Friday, November 25, 2011


     When my mother-in-law first came to live with us she was able to do some things for herself.  She could take a shower, fix her own hair and keep her room clean.  But, as her illness worsened, she relied on us to do for her.
     There were times when I had to help her bathe herself, helping her in and out of the shower.  She was a little embarrassed at first, but she soon got over that.  When she could no longer walk and had to be wheeled around in a wheelchair, at first she would get around under her own power, but soon got over that.  When she could no longer walk and had to be wheeled around in a wheelchair, at first she would get around under her own power, but soon she became too weak to do even that chore for herself.
     When she became bedridden was when she needed the most attention.  Her daily routine was laid out so that it worked around our schedule.  At first we hired someone to come in and clean her room, give her a bath, and visit with her for a few hours each day.
     I would still make all the meals and care for her in the afternoon when I returned from work.  my husband did most of the daily chores after he retired, but some were too personal for him to do.  It was hard for him to help her use the rest room or bathe her---that was for me or the caregiver we hired.
     Her day would begin with coffee and a light breakfast, followed by a little rest so she could catch her breath.  it took a lot of her energy to eat her meat (emphysema is like that).  next she would get her bath and put on clean pajamas.  If she felt up to it, we would help her to a chair so that she could read or crochet a little, while we cleaned her room.  We made a pot of coffee for the day, as she was a real coffee drinker, and placed everything within her reach.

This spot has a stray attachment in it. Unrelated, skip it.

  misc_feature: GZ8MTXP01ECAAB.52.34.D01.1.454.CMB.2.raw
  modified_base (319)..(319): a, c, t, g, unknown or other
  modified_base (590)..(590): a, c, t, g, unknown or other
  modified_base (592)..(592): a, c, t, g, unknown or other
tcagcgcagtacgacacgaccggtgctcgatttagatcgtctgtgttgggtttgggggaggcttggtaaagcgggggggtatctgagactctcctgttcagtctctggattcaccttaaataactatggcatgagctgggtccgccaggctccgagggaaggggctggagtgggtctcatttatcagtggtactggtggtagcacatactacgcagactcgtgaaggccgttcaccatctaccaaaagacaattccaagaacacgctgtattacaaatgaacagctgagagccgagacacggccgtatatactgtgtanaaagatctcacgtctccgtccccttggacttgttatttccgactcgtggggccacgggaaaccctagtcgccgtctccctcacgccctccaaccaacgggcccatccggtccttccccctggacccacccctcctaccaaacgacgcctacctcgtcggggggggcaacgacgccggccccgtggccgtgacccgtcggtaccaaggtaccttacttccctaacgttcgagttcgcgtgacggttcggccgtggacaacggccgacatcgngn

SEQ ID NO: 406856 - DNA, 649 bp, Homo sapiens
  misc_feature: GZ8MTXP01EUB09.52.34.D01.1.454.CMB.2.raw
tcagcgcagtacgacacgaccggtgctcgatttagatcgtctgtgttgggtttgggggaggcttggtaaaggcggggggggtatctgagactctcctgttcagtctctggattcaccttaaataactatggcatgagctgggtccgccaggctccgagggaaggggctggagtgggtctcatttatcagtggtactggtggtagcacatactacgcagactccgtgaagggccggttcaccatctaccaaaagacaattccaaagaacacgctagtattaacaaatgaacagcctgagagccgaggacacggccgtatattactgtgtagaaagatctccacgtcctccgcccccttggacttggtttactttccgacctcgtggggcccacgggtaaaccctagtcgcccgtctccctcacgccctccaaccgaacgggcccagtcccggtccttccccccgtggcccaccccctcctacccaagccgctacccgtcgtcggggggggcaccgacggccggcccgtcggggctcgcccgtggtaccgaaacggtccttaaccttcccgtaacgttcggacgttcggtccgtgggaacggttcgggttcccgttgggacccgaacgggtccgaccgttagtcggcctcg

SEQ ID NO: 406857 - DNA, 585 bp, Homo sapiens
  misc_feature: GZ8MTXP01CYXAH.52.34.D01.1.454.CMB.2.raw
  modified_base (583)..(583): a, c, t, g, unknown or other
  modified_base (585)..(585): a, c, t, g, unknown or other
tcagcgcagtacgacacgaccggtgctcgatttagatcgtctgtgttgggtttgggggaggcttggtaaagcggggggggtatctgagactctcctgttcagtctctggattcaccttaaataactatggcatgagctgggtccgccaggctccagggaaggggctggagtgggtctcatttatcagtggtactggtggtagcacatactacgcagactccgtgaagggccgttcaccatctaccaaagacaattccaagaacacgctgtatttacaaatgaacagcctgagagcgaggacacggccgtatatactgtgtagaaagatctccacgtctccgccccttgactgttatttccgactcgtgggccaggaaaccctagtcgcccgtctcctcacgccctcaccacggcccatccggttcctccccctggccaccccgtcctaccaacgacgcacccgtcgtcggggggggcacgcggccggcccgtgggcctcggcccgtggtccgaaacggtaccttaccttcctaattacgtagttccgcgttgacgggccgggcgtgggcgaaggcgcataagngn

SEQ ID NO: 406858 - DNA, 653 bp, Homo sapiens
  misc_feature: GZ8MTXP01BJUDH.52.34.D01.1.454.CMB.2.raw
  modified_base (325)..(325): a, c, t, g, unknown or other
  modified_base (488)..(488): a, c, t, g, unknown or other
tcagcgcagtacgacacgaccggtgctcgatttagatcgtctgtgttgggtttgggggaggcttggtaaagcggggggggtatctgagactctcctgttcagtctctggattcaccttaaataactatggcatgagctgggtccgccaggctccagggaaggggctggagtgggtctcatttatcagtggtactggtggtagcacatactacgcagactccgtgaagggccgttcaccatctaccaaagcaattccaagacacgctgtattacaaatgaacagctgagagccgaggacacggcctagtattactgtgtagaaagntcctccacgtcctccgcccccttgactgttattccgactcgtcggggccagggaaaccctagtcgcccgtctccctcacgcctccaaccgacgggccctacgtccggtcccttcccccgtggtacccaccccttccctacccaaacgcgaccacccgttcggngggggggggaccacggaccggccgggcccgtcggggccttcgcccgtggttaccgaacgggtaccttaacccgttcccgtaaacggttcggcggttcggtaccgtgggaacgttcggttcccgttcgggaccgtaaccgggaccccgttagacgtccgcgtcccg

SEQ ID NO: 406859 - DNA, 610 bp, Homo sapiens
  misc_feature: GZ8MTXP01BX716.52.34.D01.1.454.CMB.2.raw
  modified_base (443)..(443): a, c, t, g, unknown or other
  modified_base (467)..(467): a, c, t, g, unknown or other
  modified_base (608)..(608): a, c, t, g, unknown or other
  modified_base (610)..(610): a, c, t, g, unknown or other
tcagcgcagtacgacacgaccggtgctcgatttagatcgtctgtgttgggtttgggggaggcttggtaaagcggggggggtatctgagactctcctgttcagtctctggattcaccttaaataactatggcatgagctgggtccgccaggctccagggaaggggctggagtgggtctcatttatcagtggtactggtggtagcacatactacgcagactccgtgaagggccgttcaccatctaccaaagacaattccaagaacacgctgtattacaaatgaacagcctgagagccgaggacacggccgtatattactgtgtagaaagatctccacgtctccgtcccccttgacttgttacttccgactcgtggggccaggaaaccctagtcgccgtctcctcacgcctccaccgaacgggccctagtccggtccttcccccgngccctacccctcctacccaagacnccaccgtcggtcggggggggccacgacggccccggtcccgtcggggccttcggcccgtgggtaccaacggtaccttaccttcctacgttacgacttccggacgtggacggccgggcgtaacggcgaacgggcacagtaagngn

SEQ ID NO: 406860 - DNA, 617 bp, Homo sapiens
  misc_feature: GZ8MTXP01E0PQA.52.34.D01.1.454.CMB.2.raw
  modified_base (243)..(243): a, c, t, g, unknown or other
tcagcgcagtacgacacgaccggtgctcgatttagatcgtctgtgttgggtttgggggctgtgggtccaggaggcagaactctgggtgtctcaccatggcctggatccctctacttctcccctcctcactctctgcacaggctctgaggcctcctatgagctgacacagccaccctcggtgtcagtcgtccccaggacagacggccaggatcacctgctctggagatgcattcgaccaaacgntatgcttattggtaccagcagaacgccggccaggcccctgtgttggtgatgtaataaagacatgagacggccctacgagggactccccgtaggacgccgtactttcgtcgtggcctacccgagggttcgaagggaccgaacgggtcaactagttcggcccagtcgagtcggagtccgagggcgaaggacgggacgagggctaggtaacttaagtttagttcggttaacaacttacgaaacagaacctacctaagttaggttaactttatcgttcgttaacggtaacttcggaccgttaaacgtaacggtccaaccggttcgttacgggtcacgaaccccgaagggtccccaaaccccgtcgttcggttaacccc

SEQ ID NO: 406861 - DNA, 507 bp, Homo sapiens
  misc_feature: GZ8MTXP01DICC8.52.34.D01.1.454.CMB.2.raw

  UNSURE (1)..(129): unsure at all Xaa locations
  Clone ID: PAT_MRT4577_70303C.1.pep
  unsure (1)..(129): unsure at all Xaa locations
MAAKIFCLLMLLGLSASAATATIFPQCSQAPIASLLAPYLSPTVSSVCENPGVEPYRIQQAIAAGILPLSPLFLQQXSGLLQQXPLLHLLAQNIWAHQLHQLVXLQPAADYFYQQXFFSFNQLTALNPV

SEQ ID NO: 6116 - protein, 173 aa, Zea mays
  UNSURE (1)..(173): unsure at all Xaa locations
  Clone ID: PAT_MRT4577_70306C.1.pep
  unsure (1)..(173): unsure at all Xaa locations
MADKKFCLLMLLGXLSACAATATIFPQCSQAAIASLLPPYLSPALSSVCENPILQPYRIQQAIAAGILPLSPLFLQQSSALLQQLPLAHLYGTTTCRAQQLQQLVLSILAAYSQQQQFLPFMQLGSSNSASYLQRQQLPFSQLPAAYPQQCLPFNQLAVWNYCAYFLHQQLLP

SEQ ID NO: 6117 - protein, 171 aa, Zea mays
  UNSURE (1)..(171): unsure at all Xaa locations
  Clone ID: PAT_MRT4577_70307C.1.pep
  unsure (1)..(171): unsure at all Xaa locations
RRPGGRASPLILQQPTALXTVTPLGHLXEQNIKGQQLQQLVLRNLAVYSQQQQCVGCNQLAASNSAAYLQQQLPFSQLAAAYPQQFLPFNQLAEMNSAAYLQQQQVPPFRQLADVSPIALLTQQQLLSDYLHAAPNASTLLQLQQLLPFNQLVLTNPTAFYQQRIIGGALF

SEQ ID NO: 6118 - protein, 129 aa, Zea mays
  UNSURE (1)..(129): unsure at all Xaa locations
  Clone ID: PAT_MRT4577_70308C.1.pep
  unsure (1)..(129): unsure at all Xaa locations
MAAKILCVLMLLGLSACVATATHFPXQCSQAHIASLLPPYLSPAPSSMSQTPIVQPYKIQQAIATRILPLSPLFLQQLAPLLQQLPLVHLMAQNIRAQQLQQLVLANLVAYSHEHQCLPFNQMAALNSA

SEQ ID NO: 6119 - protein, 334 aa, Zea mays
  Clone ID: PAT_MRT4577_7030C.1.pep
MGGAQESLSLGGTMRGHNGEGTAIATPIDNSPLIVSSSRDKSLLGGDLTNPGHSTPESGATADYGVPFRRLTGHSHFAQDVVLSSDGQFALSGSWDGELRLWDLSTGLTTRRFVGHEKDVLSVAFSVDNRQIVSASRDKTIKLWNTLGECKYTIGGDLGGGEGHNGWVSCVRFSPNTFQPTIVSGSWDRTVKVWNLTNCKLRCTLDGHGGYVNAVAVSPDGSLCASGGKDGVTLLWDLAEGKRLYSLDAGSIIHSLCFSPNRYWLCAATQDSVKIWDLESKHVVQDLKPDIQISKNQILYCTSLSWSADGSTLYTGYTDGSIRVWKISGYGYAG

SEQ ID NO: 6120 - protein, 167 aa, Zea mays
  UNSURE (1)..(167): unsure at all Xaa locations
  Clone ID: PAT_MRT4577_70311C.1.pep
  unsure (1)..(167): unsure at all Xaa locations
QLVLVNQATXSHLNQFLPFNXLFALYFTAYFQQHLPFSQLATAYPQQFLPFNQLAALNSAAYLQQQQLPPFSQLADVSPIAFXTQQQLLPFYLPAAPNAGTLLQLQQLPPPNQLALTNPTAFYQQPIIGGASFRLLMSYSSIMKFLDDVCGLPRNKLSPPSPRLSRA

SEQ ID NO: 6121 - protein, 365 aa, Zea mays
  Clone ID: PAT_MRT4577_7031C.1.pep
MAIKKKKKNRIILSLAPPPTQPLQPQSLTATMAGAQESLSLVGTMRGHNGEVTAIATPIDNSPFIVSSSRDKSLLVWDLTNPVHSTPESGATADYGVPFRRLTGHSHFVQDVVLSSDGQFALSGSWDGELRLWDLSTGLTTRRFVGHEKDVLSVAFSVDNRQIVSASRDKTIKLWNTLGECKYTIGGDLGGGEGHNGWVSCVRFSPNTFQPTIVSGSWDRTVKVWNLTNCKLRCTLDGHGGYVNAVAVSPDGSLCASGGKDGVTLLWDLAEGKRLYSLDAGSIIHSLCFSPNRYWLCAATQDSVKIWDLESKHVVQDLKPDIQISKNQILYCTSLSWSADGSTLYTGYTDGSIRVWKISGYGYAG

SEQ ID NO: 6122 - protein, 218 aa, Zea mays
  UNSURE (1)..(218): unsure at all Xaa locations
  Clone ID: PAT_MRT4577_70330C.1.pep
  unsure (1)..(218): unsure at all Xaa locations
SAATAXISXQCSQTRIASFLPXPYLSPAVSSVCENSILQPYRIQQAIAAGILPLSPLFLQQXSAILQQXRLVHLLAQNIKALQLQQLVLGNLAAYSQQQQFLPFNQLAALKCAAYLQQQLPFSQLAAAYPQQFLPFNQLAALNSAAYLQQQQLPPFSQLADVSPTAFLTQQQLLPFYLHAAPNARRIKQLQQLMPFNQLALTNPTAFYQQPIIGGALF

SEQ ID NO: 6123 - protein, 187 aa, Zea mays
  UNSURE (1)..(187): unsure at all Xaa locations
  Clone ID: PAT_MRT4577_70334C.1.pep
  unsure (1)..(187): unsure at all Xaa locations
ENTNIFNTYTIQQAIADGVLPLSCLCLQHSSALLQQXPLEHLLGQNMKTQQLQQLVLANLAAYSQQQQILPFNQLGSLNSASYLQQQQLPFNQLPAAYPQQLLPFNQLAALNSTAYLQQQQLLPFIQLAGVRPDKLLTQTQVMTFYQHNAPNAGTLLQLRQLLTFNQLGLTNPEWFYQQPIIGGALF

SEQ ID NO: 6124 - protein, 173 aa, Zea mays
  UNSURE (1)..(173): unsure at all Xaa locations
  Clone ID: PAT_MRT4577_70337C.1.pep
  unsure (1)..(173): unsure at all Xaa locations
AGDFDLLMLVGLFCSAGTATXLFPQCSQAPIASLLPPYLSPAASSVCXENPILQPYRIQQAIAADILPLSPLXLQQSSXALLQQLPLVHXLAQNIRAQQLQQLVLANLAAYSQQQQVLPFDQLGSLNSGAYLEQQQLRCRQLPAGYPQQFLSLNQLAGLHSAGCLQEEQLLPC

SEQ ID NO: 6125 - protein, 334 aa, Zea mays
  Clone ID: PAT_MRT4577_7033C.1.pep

By this time it was almost time to prepare lunch.  When she could no longer join us at the table, we brought her lunch on a tray and joined her in her room from time to time.  She hated to eat alone.  She would always take a nap after lunch and that would give us time to shop or take care of outside chores.
     We made sure that on a beautiful day, she was wheeled onto the porch for some fresh air, and given time to care for her plants.  she did love her flowers.  She would get tired easily, but she loved the outdoors very much, so it was important to give her the chance to be with her flowers.
    We would lift her back into bed for another nap, but not before I gave her a back rub.  She enjoyed having her back massaged.  It seemed to help the circulation when she was staying in bed so much of the time.  I would place a pillow between her legs when she turned on her side.  This helped cushion the knee bones and made her more comfortable.  It is also good to place a pillow between the feet for the same reason.  Her skin was very delicate and would tear easily, so we had to be careful that she didn’t get bedsores.
     We tried to always have her at the dinner table, so she had time to catch up on what we were doing each day.  We would prepare her food first, as it took her a long time to eat, with the oxygen and the emphysema tiring her out so easily.  After dinner she would sit in the living room with us for a little while, then ask to be put to bed, as she got tired.
     Another back massage helped her relax enough to get to sleep, but she might wake up in the middle of the night.  If she did, she would take a broom handle and hit the wall with it.  That would wake us up and we could help her, usually to use the bathroom.  Then in the morning we would start all over gain.
     We had a very good routine, with medication, baths, cleaning and all the other little chores that had to be done.  Mother enjoyed having someone fuss over her, so we tried to be in her room every hour or so to visit while we worked.  It worked out well for all three of us.  She seemed happier when we were there.

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